Eventually in 2007 the government bowed to the mounting public pressure and agreed to pay NTR €600m, payable in 12 annual instalments of €50m each. NTR then turned round and sold the payments to a group of London financiers for €488m.
It proved to be a shrewd piece of business. As the recession has worsened traffic volumes passing through the M50 have collapsed while the purchasers of government's M50 IOU must be more than a little nervous as to whether they will receive all of the money which has been promised.
A year later NTR and Mr Roche struck the jackpot once again when it received over €1bn for its 51pc stake in renewable energy firm Airtricity.
This allowed NTR to return €275m to its shareholders with Mr Roche, whose family control 43pc of the company, receiving an estimated €118m. However, he spent €70m of this money on NTR shares that are now worth a fraction of what he paid for them.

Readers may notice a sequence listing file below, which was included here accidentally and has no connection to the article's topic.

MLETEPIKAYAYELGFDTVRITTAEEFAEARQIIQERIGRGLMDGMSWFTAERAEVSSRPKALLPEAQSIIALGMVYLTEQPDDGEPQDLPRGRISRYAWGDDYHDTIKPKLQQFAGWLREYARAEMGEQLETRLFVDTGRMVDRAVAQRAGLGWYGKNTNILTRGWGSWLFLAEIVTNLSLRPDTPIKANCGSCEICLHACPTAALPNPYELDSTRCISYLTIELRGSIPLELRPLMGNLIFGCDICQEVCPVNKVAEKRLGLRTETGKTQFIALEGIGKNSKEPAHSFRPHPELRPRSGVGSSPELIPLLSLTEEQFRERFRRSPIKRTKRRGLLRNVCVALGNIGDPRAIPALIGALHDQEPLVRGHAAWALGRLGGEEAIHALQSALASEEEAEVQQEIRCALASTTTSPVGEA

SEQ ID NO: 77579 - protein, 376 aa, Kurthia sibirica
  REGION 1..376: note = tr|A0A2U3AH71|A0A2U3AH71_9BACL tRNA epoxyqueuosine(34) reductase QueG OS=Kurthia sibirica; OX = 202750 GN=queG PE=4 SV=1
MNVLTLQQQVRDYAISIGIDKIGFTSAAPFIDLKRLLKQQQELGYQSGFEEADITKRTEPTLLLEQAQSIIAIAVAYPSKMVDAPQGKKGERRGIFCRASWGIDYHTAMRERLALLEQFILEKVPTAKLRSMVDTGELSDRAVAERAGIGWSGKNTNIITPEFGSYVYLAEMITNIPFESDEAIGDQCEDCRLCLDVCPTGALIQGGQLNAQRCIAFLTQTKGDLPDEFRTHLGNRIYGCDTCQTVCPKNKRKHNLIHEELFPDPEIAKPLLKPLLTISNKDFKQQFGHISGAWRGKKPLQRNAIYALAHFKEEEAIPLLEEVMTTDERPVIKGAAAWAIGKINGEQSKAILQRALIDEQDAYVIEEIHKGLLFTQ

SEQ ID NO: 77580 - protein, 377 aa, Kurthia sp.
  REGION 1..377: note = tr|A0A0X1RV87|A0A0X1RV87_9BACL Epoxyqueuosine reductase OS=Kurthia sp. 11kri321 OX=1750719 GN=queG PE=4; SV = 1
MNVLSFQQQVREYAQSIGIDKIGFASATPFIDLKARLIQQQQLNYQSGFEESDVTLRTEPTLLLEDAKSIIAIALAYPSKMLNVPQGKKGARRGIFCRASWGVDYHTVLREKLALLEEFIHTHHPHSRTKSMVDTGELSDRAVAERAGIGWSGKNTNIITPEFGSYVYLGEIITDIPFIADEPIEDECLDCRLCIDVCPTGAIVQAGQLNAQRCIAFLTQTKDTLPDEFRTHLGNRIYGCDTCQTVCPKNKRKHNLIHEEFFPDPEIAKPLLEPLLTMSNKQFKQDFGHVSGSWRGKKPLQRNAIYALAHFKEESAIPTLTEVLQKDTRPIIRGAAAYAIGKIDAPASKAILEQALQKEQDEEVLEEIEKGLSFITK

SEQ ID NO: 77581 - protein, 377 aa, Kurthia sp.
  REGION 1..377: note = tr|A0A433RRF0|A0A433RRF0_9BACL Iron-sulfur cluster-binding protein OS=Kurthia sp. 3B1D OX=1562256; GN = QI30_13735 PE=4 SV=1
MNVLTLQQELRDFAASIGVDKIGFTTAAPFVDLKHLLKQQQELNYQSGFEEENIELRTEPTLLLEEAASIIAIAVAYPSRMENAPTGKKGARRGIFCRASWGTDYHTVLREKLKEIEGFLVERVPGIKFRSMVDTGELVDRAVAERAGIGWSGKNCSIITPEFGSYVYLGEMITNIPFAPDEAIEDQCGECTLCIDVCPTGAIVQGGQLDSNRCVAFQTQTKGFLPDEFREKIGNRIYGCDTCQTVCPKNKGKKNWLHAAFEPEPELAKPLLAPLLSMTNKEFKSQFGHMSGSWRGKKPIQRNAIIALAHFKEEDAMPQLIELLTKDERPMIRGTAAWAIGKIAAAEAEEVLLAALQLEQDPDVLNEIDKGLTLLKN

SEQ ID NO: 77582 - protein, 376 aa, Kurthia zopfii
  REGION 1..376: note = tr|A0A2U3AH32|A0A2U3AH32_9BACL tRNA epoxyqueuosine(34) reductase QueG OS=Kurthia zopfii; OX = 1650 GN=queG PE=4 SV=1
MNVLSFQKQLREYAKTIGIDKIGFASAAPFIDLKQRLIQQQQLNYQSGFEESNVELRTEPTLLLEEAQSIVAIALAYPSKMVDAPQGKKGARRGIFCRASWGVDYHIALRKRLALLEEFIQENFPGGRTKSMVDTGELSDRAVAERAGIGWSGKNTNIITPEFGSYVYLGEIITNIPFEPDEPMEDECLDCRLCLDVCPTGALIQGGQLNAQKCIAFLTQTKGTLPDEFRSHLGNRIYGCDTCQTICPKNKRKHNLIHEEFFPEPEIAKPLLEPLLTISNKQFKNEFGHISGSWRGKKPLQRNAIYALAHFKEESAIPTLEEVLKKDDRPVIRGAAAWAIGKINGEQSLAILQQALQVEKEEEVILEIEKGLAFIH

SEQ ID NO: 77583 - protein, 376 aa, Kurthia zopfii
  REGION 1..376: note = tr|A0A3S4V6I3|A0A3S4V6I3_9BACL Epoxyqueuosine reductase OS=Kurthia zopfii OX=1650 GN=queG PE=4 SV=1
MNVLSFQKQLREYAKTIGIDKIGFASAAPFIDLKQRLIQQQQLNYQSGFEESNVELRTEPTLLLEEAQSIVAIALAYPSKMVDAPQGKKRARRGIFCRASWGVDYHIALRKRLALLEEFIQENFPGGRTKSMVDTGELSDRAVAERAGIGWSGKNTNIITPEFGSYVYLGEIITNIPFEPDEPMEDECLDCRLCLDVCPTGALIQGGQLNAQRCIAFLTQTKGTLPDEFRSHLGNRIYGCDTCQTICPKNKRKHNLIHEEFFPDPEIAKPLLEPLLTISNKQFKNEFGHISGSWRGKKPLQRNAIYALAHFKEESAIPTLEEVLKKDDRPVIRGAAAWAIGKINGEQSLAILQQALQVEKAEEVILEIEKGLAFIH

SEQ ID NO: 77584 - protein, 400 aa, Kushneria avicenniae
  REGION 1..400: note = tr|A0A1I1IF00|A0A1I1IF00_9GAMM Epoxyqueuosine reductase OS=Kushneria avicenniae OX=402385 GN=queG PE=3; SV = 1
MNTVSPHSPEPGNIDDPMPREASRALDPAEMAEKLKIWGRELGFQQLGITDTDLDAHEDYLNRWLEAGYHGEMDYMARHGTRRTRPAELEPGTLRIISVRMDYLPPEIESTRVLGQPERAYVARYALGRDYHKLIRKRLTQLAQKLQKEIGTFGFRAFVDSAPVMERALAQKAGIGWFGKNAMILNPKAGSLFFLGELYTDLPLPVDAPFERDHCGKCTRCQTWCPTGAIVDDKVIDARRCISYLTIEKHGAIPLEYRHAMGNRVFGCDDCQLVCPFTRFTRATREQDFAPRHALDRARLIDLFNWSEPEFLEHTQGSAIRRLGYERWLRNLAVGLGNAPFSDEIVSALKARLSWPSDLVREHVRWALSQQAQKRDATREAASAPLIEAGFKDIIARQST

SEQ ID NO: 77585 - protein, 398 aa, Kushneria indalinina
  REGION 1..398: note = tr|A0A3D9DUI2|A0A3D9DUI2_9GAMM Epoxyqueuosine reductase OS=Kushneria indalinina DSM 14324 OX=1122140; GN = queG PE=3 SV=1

Jurys Doyle, Westlink and Airtricity. To have pulled off any one of these deals would have been a major achievement. To successfully complete all three just before the markets headed south was by any yardstick pretty amazing.
Of course no one gets it right all of the time and NTR's record since the Airtricity sale has been decidedly mixed. Having sold most of its remaining toll road operations last year for €50m, NTR's main businesses now consist primarily of waste management firm Greenstar's Irish and US operations and Celtic Anglian water which operates the Waterford waste water treatment plant as well as its 31pc stake in US renewable energy firm Green Plains.
Following last year's write-down of its solar energy assets these have been transferred into to a joint venture with US private equity firm BlackRock.